Why Good Accessibility at Museums and Parks is So Important to Blind and Visually Impaired Visitors

A sculpture in a museum

Museums and parks are cultural cornerstones of any modern city or town.

The sheer range of eras, artistic mediums and industries chronicled by museums introduces visitors to a world of new insights. Parks, on the other hand, offer tourists and residents a safe space in which to relax, spend time with family, walk the dog or just enjoy some alone time.

But museums and parks must be accessible for everyone to make the most of them. Sadly, it’s easy for managers and organizations to overlook the needs of people affected by blindness or impaired vision.

And this denies them the same freedom to enjoy their local amenities that so many people take for granted.

So, what can museums and parks do to create a safe, welcoming environment for those visitors living with sight-related difficulties?

Improving Accessibility in Museums for a Safer Experience

Museums often feature multiple flights of stairs, installations in open spaces and delicate exhibits. Visitors wandering the various exhibitions need to stay aware of their surroundings and take care to avoid disrupting precious pieces of art or relics.

But for those living with impaired vision or blindness, navigating museums safely is much more difficult. One option is to invest in indoor orientation solutions designed to help users find their way.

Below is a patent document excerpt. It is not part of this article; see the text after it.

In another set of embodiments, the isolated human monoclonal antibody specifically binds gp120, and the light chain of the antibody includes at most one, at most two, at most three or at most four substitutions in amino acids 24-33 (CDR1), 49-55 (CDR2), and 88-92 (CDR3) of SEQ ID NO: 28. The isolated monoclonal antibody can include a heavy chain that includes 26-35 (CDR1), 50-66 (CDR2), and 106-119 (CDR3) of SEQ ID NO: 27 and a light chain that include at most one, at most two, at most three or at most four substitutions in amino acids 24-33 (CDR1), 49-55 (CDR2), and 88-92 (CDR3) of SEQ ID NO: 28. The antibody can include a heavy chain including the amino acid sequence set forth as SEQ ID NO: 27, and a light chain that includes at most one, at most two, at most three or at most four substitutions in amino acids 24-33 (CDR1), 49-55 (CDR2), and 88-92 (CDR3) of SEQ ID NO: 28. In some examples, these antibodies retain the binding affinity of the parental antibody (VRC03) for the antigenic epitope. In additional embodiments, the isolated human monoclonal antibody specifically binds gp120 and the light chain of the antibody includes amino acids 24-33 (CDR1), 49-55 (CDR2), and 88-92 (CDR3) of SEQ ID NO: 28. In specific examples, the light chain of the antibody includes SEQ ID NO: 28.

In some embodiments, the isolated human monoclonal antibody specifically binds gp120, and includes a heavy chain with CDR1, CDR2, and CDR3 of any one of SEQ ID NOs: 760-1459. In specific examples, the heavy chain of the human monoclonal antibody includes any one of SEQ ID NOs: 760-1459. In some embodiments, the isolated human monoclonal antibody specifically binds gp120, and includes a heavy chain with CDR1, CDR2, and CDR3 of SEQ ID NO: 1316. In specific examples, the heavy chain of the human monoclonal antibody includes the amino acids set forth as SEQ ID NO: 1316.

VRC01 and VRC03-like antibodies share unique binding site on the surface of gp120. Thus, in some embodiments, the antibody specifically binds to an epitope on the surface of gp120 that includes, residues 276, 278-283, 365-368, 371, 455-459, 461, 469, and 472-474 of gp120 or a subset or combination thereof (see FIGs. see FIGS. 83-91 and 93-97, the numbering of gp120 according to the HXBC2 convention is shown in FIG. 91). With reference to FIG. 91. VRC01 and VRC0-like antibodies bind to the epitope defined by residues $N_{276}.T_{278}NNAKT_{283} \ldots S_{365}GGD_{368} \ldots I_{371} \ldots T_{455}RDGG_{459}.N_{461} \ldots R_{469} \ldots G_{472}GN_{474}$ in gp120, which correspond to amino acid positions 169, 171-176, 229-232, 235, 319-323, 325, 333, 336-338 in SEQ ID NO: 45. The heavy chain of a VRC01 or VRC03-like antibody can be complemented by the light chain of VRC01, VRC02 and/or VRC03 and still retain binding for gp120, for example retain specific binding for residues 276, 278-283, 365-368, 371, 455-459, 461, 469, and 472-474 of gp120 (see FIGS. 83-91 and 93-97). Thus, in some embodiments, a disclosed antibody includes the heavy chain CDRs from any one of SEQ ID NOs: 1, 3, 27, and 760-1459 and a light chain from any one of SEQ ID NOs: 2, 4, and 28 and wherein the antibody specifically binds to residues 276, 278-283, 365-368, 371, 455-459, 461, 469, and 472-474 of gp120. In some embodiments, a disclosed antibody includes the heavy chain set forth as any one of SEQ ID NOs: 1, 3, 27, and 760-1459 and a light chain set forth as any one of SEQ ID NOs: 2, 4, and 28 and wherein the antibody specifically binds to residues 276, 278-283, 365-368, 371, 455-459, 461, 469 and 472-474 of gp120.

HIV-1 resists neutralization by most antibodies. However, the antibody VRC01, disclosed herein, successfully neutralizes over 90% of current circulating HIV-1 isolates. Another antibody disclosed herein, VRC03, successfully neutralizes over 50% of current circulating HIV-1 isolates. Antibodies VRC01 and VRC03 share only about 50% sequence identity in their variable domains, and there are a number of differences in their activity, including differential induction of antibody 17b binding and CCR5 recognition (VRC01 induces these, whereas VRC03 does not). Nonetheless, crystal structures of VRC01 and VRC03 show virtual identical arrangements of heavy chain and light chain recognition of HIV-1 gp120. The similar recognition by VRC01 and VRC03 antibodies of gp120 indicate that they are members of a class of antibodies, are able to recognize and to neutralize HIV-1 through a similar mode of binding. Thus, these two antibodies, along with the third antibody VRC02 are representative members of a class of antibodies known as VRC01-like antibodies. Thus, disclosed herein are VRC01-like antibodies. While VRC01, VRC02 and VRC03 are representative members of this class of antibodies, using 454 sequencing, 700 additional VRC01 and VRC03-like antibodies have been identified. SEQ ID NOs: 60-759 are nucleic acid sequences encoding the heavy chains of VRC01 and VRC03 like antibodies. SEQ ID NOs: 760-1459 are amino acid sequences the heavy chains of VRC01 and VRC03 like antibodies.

Leveraging technology to create a more accessible environment

RightHear is an innovative indoor orientation solution providing real-time audio information and directions in any compatible indoor space. Museums can allow users to take advantage of RightHear by installing sensors that relay detailed information to the app.

Users will be made aware of any obstructions in their path, the location of specific areas and more.

Audio guides are already available in museums. But these focus on describing the exhibits, not providing navigational assistance. This smartphone technology is a natural progression and boosts users’ independence.

Braille and large print should be incorporated into exhibit descriptions and signage. Those affected by impaired vision or blindness should be able to learn as much about the pieces as any other visitor.

High contrast is vital too. For example, placing structures against contrasting colors makes them easier to see. Museums should work with local experts and those living with sight-related difficulties to identify potential issues.

Making Parks Accessible for People Affected by Blindness and Impaired Vision

Parks — including theme parks and national parks — have started making strides in accessibility. One great example is the University of Hawaii’s UniDescription project (UniD), which aims to provide audio descriptions of National Park Service brochures and related media.

But more can be done. Local parks in cities and towns must embrace accessibility for those living with blindness or impaired vision. Tactile signage must be available: maps with Braille and high-contrast directions can make parks much more welcoming.

Theme parks — such as Disneyland and Disney World — provide guests with audio description too. But installing sensors to offer more flexible, real-time indoor navigation solutions can increase accessibility to a far higher degree.

Museums and parks of all kinds must take accessibility seriously. Adhering to the Americans with Disabilities Act (ADA) is crucial, but they should take it further to ensure the most welcoming, enjoyable experience for everyone.

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